If a company passes the transparency test (4.5 stars out of 5, an A+ BBB rating, perfect credit, etc.), then in today’s competitive world, your company may make the short list and may be considered for a specific transaction. This status really means the buyer has not yet vetoed you. So far the buyer has no reason to exclude you from consideration. But today there are lots of companies that are not bad enough to be excluded and not good enough to become preferred partners.
What does the buyer doing the research look for beyond number of stars and Better Business Bureau ratings? The transparency helps them look deeper to answer the critical question of “do you make money from” or “with” me.
Making money from the client is all about a “win / lose” relationship. The seller does a good job at creating and delivering a product or service with the goal of getting the most money possible by delivering the transaction at the lowest cost possible. We have all seen this and been part of a transaction like this. In the B2B world, procurement organizations almost require this relationship.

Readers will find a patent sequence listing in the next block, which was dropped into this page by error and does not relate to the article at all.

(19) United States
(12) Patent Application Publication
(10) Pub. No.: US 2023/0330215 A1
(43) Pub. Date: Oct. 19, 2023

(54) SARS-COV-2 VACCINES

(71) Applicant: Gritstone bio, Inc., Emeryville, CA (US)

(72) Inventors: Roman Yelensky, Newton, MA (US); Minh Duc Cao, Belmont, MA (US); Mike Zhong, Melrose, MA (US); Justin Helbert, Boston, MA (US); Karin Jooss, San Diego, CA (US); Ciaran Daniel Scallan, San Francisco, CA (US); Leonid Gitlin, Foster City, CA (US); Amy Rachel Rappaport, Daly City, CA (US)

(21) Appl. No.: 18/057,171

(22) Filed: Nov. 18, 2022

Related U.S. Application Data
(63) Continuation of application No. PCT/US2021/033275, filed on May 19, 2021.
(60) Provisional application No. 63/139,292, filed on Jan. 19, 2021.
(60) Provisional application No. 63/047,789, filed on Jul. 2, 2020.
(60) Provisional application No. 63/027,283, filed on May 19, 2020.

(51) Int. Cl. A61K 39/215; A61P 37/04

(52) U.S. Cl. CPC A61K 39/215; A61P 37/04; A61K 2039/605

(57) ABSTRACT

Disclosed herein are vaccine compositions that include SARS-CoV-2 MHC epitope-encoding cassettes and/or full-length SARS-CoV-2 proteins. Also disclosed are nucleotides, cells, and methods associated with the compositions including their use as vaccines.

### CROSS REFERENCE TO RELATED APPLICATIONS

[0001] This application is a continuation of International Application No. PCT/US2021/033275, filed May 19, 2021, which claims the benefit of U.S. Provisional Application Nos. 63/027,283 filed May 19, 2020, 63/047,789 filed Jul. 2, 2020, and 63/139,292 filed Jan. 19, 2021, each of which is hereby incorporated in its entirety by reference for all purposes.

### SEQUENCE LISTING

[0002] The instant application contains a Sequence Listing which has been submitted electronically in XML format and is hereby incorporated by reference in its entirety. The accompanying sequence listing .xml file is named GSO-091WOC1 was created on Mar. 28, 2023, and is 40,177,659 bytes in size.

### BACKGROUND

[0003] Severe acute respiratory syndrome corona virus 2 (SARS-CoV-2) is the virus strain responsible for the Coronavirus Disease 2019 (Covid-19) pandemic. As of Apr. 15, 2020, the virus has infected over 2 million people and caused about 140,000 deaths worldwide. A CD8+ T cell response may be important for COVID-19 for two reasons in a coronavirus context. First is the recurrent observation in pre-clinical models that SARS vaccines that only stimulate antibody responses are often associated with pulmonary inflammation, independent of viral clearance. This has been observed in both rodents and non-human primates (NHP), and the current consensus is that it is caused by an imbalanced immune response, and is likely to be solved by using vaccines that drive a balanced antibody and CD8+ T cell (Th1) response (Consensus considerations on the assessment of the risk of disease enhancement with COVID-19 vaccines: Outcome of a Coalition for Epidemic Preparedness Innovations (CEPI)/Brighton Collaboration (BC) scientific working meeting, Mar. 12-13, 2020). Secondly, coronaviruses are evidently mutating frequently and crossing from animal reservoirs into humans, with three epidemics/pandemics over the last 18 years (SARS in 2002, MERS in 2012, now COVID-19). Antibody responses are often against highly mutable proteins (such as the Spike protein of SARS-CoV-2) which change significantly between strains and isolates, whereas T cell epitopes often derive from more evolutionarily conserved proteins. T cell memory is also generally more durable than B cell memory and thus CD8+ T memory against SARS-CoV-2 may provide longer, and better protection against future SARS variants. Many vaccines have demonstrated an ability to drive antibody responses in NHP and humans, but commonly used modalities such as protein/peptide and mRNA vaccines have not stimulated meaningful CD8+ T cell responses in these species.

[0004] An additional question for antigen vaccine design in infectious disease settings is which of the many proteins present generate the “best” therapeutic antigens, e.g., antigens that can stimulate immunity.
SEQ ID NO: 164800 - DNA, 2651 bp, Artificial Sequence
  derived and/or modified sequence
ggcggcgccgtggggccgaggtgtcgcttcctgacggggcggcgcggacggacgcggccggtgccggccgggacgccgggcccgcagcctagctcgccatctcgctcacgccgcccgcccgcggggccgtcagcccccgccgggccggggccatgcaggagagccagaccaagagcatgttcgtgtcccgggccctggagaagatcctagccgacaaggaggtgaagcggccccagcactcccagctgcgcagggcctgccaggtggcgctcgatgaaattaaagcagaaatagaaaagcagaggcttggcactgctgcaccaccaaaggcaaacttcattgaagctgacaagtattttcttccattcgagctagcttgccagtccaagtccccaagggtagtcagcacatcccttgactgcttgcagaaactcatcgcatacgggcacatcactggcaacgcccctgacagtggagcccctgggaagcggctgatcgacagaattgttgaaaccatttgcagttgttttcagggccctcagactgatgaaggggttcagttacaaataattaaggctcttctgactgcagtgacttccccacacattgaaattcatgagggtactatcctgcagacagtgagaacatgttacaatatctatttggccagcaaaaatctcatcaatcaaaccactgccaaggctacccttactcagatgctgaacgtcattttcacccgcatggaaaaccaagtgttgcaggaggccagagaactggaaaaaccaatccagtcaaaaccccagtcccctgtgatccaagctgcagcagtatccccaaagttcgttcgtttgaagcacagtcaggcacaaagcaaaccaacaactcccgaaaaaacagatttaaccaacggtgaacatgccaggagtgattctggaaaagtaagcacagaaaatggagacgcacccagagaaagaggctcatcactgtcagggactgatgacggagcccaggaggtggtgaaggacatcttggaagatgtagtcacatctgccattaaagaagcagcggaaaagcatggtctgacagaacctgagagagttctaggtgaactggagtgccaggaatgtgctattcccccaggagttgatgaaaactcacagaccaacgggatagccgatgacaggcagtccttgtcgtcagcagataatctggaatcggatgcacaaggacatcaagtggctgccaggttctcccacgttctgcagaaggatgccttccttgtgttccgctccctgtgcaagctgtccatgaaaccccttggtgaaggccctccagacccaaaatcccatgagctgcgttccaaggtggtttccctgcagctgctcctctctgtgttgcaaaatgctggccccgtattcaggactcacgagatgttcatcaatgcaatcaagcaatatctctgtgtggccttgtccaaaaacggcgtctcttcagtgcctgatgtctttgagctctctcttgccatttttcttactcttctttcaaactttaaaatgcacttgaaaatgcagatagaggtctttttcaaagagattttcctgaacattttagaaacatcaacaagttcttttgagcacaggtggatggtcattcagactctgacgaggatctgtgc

This is an adversarial relationship with each looking out for themselves knowing the other is doing the same thing.
Often both parties are adversarial not because it is part of their strategy, but because they have never thought about another way to engage. We buy and sell the way we learned to buy and sell.
The 20th Century started with the Robber Barons and was full of adversarial relationships throughout the century and beyond.
The truth is adversarial engagements may never have worked well, but in the 20th Century world of fulfillment, it seemed OK.
While transparency may show a buyer’s or seller’s business model as adversarial (making money from their customer) it might show something else. Very few companies will say “my goal is to reach as deep in your pocket as possible and take out as much money as possible” (adversarial) even if that is how they engage. So those looking for engagement relationships based on “making money with the customer” need to look deeper than those easily written words on the website and see how the seller lives.